The Oil Palm

Why are NGOs Shooting Down the UN FAO?

The recent FAO data that effectively said Malaysia’s deforestation rates had fallen to zero has ruffled feathers among campaigners.

Friends of the Orang Utans director Upreshpal Singh is content to ‘shoot the messenger’ when it comes to the new forest data, which was recently published in a piece that appeared in The Star.

The FAO goes through an extensive process of harmonization and cross-checking for its forest assessments. It is considered the go-to source by development agencies and other multilateral bodies around the world. It is held in such high esteem by so many other bodies.

We can safely say that the comprehensive global report from the United Nations FAO is a more reliable source of data than a letter from Friends of the Orangutans.

There appears to have been a concerted effort by NGOs to take down the recent FAO data in Malaysia and in Papua New Guinea – two countries where the FAO says deforestation rates have improved.

This looks like nothing less than a fear mongering campaign designed to discredit data sources and keep their campaign of disinformation going.  And they have done so by shooting the messenger (the United Nations) and declaring it ‘greenwashing’ – not attempting to engage with the UN and the Malaysian Government or put forward a serious critique of its methodology or its processes.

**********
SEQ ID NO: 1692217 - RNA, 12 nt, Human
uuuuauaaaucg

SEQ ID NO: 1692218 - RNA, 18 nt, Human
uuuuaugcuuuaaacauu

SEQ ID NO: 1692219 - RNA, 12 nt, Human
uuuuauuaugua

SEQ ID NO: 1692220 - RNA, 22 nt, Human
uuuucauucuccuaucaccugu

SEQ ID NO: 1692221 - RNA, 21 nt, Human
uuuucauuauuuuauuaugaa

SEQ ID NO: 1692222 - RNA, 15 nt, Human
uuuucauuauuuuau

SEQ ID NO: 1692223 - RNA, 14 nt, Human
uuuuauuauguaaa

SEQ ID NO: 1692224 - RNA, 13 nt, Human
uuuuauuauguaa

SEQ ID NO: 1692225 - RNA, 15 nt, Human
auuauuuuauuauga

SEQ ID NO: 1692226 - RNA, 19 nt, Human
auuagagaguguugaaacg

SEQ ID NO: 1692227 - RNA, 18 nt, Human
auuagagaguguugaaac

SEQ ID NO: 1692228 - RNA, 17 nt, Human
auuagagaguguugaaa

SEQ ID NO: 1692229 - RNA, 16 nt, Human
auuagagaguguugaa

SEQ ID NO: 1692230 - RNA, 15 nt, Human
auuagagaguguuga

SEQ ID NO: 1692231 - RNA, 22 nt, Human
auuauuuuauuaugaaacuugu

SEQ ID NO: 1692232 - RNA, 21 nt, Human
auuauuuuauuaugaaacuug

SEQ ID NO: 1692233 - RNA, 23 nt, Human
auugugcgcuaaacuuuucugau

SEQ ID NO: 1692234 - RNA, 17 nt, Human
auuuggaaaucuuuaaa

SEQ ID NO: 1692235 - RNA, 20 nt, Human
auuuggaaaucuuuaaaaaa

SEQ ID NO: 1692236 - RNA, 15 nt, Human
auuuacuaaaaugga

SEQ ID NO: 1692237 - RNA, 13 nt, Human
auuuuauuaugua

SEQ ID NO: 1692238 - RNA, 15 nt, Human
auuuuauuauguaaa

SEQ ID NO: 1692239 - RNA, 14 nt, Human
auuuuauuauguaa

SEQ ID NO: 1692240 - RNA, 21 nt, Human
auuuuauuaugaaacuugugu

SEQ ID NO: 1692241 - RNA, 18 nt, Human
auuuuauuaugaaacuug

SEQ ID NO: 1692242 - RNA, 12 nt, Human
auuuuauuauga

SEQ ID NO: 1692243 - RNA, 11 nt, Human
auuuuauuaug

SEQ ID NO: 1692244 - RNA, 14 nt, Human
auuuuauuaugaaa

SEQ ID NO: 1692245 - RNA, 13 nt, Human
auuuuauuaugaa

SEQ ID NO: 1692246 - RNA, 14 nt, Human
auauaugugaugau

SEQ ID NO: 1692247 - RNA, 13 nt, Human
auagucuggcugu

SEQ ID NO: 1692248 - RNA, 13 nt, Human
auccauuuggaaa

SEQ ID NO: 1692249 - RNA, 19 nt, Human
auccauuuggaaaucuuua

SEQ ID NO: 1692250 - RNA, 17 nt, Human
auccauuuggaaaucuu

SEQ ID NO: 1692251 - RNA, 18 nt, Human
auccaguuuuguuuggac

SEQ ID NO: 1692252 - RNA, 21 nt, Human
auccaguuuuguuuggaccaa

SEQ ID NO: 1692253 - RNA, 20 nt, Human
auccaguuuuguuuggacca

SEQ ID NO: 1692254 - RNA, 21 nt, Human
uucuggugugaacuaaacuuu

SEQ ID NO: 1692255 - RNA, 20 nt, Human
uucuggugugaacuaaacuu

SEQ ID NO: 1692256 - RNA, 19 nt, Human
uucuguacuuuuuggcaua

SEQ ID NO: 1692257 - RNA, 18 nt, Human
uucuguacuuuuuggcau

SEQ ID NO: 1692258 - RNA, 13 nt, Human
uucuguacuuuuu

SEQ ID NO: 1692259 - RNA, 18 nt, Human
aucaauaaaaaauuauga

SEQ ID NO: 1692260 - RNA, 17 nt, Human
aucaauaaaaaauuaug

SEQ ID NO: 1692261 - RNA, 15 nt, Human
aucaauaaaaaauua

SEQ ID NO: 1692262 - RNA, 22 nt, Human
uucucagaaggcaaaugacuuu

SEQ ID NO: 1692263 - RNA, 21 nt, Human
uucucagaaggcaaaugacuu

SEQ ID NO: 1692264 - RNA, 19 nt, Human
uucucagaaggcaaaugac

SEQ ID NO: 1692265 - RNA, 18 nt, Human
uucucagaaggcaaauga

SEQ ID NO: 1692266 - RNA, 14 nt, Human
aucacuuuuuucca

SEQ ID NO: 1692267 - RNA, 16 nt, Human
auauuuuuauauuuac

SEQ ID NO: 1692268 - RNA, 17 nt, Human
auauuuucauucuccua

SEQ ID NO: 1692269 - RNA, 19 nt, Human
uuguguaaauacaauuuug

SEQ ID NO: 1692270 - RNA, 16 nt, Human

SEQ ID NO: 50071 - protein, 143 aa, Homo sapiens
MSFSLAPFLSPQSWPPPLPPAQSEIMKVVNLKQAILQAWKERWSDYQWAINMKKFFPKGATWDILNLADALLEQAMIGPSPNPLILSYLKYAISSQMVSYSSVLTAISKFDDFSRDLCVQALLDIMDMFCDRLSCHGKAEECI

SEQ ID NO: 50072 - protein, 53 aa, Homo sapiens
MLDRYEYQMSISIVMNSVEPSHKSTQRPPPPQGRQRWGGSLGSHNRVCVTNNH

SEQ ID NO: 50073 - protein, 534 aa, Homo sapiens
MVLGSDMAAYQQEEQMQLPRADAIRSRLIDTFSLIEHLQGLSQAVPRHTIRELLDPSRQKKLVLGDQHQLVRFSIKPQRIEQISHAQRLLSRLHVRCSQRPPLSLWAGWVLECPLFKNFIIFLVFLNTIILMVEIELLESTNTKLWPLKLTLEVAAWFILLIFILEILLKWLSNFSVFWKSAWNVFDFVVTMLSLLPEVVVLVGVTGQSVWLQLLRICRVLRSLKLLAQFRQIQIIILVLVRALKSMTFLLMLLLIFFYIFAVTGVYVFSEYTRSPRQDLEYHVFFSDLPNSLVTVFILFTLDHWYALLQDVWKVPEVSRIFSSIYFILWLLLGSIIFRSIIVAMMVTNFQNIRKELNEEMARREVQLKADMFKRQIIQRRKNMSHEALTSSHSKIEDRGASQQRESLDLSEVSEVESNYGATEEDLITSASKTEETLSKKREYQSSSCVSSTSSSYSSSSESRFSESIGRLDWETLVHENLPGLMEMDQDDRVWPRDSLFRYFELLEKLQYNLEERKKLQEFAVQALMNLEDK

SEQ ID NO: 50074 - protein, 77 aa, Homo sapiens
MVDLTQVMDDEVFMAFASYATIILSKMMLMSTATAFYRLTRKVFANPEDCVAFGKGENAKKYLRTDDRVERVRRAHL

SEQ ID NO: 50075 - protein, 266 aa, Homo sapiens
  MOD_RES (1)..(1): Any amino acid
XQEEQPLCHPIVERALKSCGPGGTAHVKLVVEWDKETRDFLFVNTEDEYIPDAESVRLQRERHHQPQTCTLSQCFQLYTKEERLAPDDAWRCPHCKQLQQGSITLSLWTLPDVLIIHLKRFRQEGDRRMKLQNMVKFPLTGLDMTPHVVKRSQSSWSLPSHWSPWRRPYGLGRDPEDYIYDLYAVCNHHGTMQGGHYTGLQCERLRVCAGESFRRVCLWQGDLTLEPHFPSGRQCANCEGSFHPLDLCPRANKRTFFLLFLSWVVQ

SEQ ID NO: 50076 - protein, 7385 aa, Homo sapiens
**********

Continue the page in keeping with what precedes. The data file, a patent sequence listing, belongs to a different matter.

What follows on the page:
Similarly, they shoot the messenger for using data on tree/forest cover published by US NGO Global Forest Watch. Yes, let us repeat.  The data came from a US NGO that is supported by the Brits, Norwegians and the Americans aid agencies.  Rather than critiquing of GFW and its methodology – which clearly includes plantations as tree cover – they have simply criticised the data cited.

Mr Upreshpal’s accusations of ‘spreading misinformation’ are misinformed, and purposeful, at best.

This puts Mr Upreshpal, and his group, at odds with the growing body of research that supports the idea that things are in fact improving in Malaysia.

For example, Yale University has conducted a 15-year longitudinal study on national environmental indicators. It considers Malaysia’s other environmental indicators to have improved 13 per cent over the past decade.

Perhaps then our conclusion should be this: when world-class institutions such as the United Nations FAO, and Yale University, give good news about Malaysia, we should be brave enough to celebrate it – instead of simply following Mr Upreshal down a road of never-ending complaints and cynicism.